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What Do Next-Generation Leaders Look Like?
While leaders see potential in the young people entering the workforce today, they’re not using or developing this talent early enough.
The current formula to develop future organizational leaders is to identify high potentials for management roles and provide them with leadership development opportunities. Yet senior leaders who attend programs at the Center for Creative Leadership (CCL), an executive education company, often tell trainers they would have benefited from formal leadership development earlier in their lives. While learning more about themselves and their leadership skills is seen as valuable at any age or career stage, they recognize ways they could have used leadership knowledge and enhanced self-awareness during their younger years, and the added value that might have accrued from building a learning orientation early on.
Prompted by this idea, CCL posed a set of questions on leadership and leadership development in 2012 via an online survey to business, government, nonprofit and education leaders. Approximately 500 people from all economic sectors, at all organizational levels and across the age range responded. The survey explored when young people should be exposed to leadership development, what leadership qualities managers want in young people entering the workforce and what excites and concerns managers about young people they employ.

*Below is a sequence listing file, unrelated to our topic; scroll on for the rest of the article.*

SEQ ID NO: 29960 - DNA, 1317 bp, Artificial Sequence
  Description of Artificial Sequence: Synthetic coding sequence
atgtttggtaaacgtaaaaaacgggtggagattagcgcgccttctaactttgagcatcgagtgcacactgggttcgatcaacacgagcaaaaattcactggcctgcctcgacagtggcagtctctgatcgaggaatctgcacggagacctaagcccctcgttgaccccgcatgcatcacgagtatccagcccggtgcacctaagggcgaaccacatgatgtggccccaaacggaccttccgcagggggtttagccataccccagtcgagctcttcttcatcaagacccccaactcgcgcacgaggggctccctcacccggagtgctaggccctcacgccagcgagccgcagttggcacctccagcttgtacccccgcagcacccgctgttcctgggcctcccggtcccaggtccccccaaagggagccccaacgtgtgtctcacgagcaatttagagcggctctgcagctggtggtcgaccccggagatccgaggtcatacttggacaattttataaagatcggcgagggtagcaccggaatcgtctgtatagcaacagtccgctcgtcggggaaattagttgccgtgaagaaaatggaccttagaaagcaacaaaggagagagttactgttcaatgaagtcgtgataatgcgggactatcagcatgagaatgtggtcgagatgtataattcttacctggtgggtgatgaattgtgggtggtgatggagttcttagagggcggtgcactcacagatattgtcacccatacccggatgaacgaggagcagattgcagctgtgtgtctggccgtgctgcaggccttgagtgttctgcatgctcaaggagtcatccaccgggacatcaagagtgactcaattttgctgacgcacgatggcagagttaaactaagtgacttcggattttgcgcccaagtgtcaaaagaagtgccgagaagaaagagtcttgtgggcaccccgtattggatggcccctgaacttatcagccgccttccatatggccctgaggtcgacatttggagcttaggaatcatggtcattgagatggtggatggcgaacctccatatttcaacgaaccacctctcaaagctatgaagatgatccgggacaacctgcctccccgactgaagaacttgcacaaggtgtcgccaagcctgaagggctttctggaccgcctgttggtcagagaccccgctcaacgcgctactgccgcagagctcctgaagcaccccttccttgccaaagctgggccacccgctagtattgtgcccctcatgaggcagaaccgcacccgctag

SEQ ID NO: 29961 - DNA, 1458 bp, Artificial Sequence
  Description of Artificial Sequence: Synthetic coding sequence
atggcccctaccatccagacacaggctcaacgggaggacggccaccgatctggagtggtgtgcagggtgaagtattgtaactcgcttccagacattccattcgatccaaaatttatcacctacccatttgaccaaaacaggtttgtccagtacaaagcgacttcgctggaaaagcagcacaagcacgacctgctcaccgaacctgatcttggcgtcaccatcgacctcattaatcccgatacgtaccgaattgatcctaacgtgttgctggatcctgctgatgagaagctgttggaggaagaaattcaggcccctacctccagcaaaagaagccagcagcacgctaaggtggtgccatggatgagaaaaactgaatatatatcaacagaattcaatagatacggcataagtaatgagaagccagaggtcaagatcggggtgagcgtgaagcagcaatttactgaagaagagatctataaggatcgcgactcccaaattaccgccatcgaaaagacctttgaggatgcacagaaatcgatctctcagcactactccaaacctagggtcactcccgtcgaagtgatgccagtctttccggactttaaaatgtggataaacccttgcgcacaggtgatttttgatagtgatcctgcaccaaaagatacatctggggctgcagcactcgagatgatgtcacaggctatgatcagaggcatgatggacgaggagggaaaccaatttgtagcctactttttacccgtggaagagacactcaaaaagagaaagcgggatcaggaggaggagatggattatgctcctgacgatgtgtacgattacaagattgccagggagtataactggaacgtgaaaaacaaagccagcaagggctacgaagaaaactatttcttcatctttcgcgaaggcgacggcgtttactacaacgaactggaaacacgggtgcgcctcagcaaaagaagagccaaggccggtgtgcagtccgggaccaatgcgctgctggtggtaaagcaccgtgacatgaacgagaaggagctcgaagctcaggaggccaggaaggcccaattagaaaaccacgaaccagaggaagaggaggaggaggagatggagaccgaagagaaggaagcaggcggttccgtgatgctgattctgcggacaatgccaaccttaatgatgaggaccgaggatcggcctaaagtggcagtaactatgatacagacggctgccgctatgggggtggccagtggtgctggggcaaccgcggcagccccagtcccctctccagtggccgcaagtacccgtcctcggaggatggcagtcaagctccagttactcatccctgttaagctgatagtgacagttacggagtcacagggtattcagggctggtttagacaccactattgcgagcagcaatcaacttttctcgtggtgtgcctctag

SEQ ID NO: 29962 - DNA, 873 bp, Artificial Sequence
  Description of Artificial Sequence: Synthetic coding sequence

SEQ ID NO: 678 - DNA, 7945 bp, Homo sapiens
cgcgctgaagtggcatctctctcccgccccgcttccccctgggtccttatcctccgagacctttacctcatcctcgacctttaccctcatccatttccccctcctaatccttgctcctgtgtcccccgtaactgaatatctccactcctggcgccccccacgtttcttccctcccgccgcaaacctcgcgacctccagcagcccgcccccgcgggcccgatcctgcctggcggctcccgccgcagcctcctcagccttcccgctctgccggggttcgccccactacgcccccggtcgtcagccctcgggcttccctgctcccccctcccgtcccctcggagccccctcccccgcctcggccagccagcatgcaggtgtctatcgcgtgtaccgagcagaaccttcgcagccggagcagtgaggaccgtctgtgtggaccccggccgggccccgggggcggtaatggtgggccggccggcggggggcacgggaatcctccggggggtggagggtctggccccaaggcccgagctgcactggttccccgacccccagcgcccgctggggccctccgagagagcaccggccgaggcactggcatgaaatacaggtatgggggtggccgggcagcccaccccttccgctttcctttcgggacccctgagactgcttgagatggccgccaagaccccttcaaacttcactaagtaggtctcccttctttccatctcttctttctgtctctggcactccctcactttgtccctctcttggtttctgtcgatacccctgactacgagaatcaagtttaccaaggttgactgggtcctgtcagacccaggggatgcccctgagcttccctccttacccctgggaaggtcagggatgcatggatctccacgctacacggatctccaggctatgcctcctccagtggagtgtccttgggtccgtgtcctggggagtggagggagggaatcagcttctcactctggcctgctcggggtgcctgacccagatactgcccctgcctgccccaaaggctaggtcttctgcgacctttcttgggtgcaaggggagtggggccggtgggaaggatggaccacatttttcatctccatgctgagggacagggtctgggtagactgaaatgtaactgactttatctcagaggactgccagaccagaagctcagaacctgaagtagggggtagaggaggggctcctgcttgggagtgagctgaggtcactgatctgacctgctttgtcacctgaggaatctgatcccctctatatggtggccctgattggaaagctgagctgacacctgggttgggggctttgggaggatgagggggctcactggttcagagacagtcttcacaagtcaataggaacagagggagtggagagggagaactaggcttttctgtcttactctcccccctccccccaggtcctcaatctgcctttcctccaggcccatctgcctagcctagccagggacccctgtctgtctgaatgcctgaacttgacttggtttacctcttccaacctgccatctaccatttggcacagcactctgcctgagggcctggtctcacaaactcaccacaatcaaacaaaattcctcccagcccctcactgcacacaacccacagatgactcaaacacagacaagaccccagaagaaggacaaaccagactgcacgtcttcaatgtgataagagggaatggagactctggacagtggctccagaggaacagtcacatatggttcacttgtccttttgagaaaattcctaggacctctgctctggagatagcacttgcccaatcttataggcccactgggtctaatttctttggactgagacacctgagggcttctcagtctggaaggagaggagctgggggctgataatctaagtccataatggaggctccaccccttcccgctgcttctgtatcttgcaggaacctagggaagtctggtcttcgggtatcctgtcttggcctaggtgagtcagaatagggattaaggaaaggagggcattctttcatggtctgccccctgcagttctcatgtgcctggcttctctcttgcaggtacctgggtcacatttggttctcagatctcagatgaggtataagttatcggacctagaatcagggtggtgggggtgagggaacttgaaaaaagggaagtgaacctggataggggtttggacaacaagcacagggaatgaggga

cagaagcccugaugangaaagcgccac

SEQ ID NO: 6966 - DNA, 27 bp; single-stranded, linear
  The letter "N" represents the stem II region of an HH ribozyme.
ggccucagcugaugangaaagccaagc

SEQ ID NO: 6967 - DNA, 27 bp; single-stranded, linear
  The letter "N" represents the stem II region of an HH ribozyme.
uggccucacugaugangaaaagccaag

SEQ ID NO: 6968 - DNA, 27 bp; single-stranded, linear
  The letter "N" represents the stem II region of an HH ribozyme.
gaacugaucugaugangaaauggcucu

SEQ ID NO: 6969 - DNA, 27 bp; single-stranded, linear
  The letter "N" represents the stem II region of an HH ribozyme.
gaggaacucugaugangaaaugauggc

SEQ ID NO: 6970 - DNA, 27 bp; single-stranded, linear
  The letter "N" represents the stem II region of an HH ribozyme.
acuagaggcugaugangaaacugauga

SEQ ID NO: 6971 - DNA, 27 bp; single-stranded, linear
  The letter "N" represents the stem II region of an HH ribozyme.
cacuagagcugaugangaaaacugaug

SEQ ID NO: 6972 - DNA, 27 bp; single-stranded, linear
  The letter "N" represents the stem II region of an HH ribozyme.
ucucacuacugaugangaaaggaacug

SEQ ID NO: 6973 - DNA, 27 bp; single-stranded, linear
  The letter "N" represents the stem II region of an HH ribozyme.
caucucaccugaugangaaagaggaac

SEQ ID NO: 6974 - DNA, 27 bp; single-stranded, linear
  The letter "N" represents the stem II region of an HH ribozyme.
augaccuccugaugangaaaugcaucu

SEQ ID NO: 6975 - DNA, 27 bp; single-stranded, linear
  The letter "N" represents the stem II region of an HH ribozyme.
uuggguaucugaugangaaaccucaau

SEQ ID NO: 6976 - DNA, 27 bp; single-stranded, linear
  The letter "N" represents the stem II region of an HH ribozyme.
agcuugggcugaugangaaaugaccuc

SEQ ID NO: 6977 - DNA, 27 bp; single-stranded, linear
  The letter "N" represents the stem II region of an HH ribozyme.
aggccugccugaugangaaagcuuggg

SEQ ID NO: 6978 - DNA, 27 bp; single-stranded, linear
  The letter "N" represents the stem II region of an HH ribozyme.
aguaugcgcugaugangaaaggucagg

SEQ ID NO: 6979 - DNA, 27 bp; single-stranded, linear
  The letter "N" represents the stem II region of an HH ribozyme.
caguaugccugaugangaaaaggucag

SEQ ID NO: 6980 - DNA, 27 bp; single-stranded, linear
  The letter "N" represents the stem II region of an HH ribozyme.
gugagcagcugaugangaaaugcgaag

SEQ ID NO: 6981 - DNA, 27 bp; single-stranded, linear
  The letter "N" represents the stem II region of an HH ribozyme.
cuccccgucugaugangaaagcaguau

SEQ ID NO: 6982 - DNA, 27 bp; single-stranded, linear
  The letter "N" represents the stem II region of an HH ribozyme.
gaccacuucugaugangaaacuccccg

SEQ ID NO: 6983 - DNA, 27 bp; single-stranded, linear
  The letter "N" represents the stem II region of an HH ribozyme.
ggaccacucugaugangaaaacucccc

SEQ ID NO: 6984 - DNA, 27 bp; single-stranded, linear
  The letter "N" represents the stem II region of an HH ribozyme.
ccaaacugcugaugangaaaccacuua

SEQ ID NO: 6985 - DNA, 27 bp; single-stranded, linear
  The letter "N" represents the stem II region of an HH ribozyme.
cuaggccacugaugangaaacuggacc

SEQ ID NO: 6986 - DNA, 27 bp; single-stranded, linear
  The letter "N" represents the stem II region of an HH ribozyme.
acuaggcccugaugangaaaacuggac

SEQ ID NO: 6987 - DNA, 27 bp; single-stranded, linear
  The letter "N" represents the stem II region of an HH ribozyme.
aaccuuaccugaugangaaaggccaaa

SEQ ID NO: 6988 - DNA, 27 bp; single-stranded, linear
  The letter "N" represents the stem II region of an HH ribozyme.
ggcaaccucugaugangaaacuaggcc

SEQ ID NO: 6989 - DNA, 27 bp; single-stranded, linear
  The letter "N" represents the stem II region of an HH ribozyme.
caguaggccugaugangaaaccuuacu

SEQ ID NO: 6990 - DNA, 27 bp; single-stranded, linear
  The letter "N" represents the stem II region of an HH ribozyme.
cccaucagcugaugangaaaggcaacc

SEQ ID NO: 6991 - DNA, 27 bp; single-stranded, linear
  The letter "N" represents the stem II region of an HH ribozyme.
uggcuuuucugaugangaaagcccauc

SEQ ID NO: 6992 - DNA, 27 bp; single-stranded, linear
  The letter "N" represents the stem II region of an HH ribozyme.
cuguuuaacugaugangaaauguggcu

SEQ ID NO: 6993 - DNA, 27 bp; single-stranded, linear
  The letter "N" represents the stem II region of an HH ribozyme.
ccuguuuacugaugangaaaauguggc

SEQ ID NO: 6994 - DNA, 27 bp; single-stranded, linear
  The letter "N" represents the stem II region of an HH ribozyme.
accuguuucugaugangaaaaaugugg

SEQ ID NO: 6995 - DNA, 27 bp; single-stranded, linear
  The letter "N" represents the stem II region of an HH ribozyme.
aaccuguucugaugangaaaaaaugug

Most Important Competencies:
Past, Present and Future
Ninety percent of respondents across all age groups said they believed leadership development should start before age 18, with 50 percent choosing elementary school age or earlier (Figure 1). Ninety-seven percent said it should start by age 21. Contrast this with the fact that many people never participate in formal leadership development, and most don’t have the opportunity until after they’re promoted into management.
Given this, are young people coming into today’s workforce with competencies that prepare them to lead? The CCL survey addressed this question by asking respondents to choose the top three leadership qualities needed now for young people entering the workforce; seen as important for entering the workforce 20 years ago; and important for youth entering the workforce 10 years from now.
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